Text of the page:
Homes Used As TV Locations in 'Partners In Crime'
OK it hasn't aired yet but we are so excited that we had to start working on it. The new version of Partners In Crime is intended to refresh the Agatha Christie franchise on TV with a first series that is set to broadcast on BBC One in 2015. The six-part series is an adaptation of two Tommy & Tuppence detective novels by Agatha Christie. The first three episodes are an adaptation of 'The Secret Adversary' and the last three episodes are of 'N or M'? Set in the 1950s the series contrasts post war London, a scary place with bombsites and bombed out buildings, rat-runs and dangerous little side streets, with Tommy and Tuppence’s house in suburbia which is,s a much quieter more comfortable and gentle place. In later episodes the action moves to locations in Cromer and Norfolk.
To adapt a book for TV requires some interpretation of the original story. Lots of parts were expanded, and some were just altered slightly. Writer Zinnie Harris said "the characters of Tommy and Tuppence are in their twenties in The Secret Adversary and are falling in love, whereas in our TV version they have been married for some time".<ref>Interview With Writer Zinnie Harris. BBC Media Centre 2015 </ref>. Georgina Lowe and the production team decided to move the action from the 1920s to the 1950s, at the beginning of the Cold War to build on the tension inherent in the books.
There are some really interesting moments in British history during the '50s; Britain was rising out of the ashes of the Blitz, rationing was still in force, the Cold War was just beginning to grip, in 1952 Ian Fleming wrote Casino Royale, in 1953 Stalin was just about to die and Elizabeth was taking the throne. Director Ed Hall said "It’s great to drop Tommy and Tuppence into the beginning of Cold War Britain and adapt the adventures that Agatha Christie wrote in her original books. Tommy and Tuppence also look great in this series as the 50s is a very interesting period for fashion; it is the year that Dior arrived in London. Tommy has a Cary Grant look about him and Tuppence has an Audrey Hepburn silhouette. Its a cocktail of contemporary and classic"<ref>Interview With Director Ed hall. BBC Media Centre 2015 </ref>. "Creating 1950s England is a challenge and more so because we had such an enormous number of locations to find for our series." <ref>Interview With Producer Georgina Lowe. BBC Media Centre 2015 </ref>.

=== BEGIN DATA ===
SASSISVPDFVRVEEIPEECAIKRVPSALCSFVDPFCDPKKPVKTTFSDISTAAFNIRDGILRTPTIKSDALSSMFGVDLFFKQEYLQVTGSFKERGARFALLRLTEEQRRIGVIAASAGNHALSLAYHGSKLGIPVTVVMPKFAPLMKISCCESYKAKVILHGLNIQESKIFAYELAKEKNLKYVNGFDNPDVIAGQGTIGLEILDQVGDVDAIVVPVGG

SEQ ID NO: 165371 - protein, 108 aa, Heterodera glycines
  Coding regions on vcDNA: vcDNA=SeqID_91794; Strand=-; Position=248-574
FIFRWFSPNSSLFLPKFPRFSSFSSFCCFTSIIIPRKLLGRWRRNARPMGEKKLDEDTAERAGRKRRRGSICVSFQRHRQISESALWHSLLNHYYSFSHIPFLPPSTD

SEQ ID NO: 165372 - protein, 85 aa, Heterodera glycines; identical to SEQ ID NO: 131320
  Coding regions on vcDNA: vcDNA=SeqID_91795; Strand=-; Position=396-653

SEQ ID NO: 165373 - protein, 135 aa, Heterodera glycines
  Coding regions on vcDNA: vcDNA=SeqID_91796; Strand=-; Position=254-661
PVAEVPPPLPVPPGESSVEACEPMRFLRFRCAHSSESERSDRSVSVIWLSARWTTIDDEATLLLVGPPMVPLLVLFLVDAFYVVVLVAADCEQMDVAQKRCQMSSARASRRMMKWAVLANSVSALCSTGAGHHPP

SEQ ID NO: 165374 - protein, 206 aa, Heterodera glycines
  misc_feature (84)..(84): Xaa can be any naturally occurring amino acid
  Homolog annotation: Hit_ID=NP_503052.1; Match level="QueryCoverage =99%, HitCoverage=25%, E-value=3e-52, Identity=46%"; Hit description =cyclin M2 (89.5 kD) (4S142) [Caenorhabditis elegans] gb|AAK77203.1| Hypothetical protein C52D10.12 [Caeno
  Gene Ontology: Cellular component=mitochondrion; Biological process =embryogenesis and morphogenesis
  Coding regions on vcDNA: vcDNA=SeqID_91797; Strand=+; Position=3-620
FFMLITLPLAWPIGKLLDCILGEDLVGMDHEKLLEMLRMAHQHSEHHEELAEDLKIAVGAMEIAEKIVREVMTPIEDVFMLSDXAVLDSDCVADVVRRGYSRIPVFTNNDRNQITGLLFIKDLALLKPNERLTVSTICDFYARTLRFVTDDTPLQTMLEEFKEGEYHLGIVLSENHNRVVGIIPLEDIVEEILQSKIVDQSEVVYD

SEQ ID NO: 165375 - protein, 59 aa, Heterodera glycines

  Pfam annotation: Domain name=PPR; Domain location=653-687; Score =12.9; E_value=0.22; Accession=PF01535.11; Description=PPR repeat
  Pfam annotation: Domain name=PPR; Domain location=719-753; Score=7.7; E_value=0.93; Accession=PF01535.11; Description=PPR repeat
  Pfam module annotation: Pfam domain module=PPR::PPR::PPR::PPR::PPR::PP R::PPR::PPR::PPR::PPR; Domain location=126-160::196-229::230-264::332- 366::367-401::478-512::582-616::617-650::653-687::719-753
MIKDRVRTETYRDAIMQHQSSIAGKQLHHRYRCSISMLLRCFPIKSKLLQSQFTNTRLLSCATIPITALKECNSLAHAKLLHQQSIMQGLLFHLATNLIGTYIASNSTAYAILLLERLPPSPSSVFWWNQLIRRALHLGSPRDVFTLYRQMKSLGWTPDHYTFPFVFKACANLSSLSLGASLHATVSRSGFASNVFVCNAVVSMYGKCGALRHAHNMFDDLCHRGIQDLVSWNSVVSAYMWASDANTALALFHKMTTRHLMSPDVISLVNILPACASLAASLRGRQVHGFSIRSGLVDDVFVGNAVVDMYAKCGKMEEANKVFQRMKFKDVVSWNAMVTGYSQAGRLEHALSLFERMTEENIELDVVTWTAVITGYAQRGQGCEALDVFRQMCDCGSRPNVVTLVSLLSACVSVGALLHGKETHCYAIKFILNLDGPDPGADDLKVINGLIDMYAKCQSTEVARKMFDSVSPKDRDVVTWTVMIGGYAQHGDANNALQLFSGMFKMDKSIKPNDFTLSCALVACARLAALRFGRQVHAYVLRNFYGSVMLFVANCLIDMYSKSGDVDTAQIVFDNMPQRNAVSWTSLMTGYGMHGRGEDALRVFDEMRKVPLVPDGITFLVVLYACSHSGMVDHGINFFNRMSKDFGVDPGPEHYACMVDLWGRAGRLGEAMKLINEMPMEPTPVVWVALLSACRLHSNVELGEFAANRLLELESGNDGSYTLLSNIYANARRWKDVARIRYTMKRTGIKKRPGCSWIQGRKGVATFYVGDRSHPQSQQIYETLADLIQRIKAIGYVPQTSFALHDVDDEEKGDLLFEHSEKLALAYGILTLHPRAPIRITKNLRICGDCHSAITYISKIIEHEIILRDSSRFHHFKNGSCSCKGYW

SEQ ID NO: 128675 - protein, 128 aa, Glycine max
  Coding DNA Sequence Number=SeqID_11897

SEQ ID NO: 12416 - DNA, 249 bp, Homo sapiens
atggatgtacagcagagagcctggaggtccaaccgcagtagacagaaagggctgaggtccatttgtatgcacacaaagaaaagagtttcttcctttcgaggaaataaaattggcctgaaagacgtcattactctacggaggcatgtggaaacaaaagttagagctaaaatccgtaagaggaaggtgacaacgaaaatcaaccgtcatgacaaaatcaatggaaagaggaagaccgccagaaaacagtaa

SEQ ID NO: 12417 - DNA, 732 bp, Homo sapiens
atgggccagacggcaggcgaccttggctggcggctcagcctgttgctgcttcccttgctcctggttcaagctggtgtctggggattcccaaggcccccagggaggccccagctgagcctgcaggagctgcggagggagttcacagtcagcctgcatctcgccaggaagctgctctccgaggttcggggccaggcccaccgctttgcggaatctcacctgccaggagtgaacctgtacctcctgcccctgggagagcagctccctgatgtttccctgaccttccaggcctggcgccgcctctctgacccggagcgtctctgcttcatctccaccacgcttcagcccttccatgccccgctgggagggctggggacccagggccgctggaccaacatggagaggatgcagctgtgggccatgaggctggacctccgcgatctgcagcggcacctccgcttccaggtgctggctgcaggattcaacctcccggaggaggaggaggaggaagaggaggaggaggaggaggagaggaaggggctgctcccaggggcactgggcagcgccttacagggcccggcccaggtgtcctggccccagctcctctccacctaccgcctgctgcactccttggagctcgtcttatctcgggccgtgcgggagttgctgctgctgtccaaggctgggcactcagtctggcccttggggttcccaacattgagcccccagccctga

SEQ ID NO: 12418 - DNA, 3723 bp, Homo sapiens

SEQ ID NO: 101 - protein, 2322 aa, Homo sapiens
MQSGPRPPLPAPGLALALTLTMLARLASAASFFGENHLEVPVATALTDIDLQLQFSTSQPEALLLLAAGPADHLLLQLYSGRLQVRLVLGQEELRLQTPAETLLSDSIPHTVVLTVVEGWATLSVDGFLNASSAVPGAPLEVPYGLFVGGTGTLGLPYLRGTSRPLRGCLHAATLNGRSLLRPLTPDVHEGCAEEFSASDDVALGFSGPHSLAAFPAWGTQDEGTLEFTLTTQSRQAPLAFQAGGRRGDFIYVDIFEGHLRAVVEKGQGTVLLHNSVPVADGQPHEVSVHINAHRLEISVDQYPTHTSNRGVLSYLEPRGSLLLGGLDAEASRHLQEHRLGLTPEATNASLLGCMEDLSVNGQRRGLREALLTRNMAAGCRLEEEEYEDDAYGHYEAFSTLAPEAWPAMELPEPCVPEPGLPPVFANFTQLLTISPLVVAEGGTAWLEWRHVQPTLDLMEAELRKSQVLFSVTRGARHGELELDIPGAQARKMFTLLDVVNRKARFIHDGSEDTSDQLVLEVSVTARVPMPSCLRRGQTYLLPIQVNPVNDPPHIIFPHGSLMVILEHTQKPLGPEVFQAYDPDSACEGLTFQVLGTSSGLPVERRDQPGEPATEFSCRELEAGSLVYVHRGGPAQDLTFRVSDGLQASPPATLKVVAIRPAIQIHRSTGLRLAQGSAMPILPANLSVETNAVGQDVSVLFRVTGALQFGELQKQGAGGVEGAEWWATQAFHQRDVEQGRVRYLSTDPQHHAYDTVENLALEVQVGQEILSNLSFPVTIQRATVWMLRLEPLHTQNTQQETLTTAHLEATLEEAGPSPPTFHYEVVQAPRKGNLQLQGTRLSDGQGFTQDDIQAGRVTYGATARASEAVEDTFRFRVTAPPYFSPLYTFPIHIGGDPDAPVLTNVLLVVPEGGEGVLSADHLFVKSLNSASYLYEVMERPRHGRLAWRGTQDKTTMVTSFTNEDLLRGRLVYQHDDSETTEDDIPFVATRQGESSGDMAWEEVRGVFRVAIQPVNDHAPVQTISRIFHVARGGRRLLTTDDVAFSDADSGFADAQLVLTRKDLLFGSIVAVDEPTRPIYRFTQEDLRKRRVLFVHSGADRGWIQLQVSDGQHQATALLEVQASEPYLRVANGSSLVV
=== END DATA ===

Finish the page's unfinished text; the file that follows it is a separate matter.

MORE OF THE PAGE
David Walliams said of the decision to locate in the 1950s "I think it is an interesting period as it’s not overly familiar to audiences, some time frames you keep coming back to, for instance the 1920s with the music and the fashions. But we just felt let’s try and do something a little surprising and set them in the '50s".
Houses Used as TV Locations in Partners In Crime
The houses used as locations had to reflect the personal and home style that started to creep back in to the culture of the 1950s. The early 1950s are a period just prior to the Americanisation that crept into British culture and houses by the end of the decade. Interiors would have reflected touches of art deco and, arts and craft while beginning to break away from the traditionalism of their parents. Recreating these interiors meant scouring the style books of the time for inspiration with help from the prop industry. "There are fantastic prop houses out there that have huge stock that they constantly replenish. Often, they will offer up things. There are shelves and shelves of fantastic items that you can utilise for shows."<ref>Interview With Production Designer Stevie Herbert. BBC Media Centre 2015 </ref>.